The clinical and pathological relevance of cartilage mineralization in patients with OA is not completely understood. In a recent study of 120 patients with OA of the knee, we could demonstrate that mineralization of articular cartilage by BCP is an indissociable process of OA and not only characterizes a specific subset of OA, but correlates significantly with clinical symptoms and the histological grade of the disease .
This study was performed on patients with end-stage OA undergoing total hip replacement, to test the hypothesis that calcification of the articular cartilage is a general phenomenon in patients with hip OA, that cartilage calcification has an impact on the clinical situation, and that calcification is associated with aggravated joint degeneration.
This study was approved by the Ethics Committee of the Δrztekammer Schleswig-Holstein, Bad Segeberg, Germany. All patients included in this study gave full written informed consent for participation prior to the operative procedure.
Number of patients
Mean age at time of operation
69.9 (± 0.86 years, range 51-87)
Mean body mass index
28.6 (± 2.9, range 17.2-29.5)
Mean duration of the disease
3.2y (± 1.2 years, range 0.9-10.2)
Mean preoperative Harris Hip score
51.73 points (± 1.42, range 16-79)
Preoperative X-ray OA grade (Kellgren)
II: 4; III: 29; IV: 47
As a negative control, 10 patients with malignant bone tumors in the proximal femur (five osteosarcomas: 14, 15, 15, 16, and 18 years; two chondrosarcomas: 14 and 19 years; one metastasis of prostate cancer: 56 years; and two specimens from metastasis of lung cancer: 58 and 63 years) were included. During total or proximal femur replacement, cartilage was harvested from the unaffected hip joint following the same procedure used for the patients with OA.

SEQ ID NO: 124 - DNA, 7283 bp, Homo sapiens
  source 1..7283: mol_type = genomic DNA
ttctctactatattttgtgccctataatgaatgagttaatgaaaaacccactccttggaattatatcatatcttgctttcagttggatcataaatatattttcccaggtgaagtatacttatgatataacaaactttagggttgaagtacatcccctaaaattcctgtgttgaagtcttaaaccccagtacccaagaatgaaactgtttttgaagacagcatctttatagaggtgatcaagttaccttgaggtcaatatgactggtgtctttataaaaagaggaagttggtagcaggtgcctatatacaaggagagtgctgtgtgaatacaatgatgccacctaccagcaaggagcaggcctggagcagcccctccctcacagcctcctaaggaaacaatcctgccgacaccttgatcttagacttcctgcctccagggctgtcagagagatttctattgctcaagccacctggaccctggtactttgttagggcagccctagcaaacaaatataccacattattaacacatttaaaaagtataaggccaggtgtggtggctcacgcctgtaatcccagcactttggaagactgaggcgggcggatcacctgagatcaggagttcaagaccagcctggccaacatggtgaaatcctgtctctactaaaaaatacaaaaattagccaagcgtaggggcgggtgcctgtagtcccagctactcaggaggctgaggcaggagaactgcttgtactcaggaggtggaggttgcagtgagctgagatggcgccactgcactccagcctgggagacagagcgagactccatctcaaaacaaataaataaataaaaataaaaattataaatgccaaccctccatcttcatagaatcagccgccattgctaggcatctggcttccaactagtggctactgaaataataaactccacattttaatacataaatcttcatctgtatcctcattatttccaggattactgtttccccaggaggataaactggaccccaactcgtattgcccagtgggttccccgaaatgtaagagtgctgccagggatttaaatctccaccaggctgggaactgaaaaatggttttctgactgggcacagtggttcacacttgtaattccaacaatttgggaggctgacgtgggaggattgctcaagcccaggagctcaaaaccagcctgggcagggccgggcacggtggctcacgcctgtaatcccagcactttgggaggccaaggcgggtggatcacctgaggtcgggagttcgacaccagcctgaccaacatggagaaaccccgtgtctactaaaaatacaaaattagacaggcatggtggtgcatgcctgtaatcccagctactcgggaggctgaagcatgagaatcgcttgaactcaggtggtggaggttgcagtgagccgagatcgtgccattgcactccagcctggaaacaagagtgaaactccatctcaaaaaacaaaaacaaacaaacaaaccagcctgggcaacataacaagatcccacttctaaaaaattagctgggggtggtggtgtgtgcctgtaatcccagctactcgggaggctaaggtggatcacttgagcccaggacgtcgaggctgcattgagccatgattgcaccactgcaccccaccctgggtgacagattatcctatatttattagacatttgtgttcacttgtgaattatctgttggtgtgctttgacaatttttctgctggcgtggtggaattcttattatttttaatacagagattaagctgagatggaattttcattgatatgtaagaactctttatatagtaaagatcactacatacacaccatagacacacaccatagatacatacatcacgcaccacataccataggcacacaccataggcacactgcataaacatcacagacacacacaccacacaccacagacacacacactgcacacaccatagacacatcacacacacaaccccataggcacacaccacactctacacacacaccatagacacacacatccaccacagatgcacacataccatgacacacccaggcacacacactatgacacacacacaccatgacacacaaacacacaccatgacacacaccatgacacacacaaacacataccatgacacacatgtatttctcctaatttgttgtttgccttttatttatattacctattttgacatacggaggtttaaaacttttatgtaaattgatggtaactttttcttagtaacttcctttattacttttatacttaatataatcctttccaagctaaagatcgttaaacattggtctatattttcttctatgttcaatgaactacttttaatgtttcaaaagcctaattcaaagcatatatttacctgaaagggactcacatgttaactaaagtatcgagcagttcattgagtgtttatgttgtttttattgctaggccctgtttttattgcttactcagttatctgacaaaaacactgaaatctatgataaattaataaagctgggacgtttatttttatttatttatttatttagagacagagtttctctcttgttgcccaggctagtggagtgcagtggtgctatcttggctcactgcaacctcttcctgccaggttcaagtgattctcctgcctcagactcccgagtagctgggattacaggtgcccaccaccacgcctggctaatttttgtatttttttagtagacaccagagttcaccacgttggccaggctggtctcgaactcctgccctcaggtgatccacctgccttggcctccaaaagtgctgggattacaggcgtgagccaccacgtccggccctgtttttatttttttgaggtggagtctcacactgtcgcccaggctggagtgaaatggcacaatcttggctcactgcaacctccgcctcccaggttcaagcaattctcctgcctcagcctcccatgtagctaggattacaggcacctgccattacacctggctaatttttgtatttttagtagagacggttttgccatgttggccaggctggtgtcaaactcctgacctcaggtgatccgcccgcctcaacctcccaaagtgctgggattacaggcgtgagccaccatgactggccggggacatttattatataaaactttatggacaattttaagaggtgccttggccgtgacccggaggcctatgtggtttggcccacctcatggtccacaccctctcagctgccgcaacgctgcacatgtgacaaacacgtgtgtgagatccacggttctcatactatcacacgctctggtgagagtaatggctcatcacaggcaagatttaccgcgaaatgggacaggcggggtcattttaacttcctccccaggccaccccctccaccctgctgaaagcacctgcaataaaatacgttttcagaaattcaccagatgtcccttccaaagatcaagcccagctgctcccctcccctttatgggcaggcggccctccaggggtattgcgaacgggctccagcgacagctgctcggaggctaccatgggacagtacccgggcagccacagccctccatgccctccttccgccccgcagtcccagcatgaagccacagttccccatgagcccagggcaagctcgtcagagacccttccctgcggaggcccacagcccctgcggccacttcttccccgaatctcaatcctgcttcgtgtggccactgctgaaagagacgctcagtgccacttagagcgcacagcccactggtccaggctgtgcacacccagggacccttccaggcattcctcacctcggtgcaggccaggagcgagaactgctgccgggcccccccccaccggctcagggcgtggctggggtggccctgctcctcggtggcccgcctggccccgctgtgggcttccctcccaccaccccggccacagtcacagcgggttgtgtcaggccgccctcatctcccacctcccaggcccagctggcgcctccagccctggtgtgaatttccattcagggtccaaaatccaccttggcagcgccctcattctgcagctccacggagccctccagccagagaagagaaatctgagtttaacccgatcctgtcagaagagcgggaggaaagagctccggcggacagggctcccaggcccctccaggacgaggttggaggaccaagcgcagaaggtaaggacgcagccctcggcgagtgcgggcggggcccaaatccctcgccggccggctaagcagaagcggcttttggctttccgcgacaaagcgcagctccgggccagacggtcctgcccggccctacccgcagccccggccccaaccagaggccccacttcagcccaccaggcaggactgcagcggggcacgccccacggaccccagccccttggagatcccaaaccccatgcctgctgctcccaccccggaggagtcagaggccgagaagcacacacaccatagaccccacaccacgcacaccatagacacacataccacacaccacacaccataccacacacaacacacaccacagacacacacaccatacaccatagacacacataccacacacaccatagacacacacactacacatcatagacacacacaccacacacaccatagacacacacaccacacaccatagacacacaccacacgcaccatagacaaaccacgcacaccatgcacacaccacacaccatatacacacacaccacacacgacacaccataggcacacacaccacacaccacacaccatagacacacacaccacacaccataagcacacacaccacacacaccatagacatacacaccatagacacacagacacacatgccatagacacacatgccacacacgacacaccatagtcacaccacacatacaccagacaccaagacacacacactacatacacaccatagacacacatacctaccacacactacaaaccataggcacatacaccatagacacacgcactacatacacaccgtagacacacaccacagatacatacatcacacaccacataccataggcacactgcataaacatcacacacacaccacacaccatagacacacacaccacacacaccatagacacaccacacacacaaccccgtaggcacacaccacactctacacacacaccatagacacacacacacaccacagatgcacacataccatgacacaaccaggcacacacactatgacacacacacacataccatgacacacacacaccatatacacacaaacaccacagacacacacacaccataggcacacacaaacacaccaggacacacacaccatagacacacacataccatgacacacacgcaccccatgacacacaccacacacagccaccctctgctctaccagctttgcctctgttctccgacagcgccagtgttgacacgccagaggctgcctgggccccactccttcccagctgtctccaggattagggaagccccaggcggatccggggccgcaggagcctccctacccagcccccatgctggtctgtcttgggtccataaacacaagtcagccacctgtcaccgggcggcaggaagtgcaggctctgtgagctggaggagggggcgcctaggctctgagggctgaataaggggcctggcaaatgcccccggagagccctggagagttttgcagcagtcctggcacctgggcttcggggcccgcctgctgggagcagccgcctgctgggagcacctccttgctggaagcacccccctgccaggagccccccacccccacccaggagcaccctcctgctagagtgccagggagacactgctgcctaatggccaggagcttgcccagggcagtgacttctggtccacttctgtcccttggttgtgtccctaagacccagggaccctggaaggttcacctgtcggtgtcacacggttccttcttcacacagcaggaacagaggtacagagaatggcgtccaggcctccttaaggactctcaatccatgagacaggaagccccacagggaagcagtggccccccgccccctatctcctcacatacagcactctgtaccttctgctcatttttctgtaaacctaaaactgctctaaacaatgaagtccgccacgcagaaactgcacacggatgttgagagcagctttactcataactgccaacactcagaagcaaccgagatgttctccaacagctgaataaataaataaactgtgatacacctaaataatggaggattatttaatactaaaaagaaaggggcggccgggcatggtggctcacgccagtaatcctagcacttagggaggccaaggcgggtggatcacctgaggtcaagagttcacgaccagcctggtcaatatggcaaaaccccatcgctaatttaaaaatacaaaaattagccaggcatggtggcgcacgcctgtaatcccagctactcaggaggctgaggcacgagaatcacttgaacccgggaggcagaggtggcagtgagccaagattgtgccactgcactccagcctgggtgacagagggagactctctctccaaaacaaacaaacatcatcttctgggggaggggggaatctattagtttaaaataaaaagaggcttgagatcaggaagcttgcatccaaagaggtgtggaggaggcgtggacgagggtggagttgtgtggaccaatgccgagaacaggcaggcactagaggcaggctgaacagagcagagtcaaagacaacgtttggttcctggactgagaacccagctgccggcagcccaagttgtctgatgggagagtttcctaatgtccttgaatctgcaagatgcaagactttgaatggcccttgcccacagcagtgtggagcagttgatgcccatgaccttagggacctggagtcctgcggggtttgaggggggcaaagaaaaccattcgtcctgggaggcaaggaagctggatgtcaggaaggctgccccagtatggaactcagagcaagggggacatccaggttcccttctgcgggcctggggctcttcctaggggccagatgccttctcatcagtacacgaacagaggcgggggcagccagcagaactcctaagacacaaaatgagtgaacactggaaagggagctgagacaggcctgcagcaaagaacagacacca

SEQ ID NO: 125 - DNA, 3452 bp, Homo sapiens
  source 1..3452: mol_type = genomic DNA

Preoperatively, the OA patients were evaluated clinically and radiographically. The clinical and functional results were assessed with the Harris Hip Score (HSS) .
The patients' X-rays (standard AP and axial views) of the hip joint were analyzed for the presence of articular chondrocalcinosis. The X-rays of the affected hip were viewed by two orthopedic surgeons on the AP and axial views, building a consensus whether mineralization is visible or not. Periarticular mineralization was excluded.
Preoperative OA grades were evaluated according to the classification system of Kellgren and Lawrence .
During surgery, the entire resected femoral head was obtained from every patient. Two different techniques were used to obtain the cartilage specimens. First, the femoral head was cut into three 5 mm thick slab specimens of bone and cartilage in the coronal plane with the greatest possible diameter. These slab specimens included the mean weight-bearing area, the main chondral defect, and the surrounding cartilage of the defect. Additionally, about one square centimeter of articular cartilage from the main chondral defect was obtained. Only the upper half of the cartilage was cut off, to exclude subchondral bone artifacts. These two types of specimens were taken from every femoral head to extend the analyzed cartilage area and to minimize artifacts.
Contact radiography (DCR)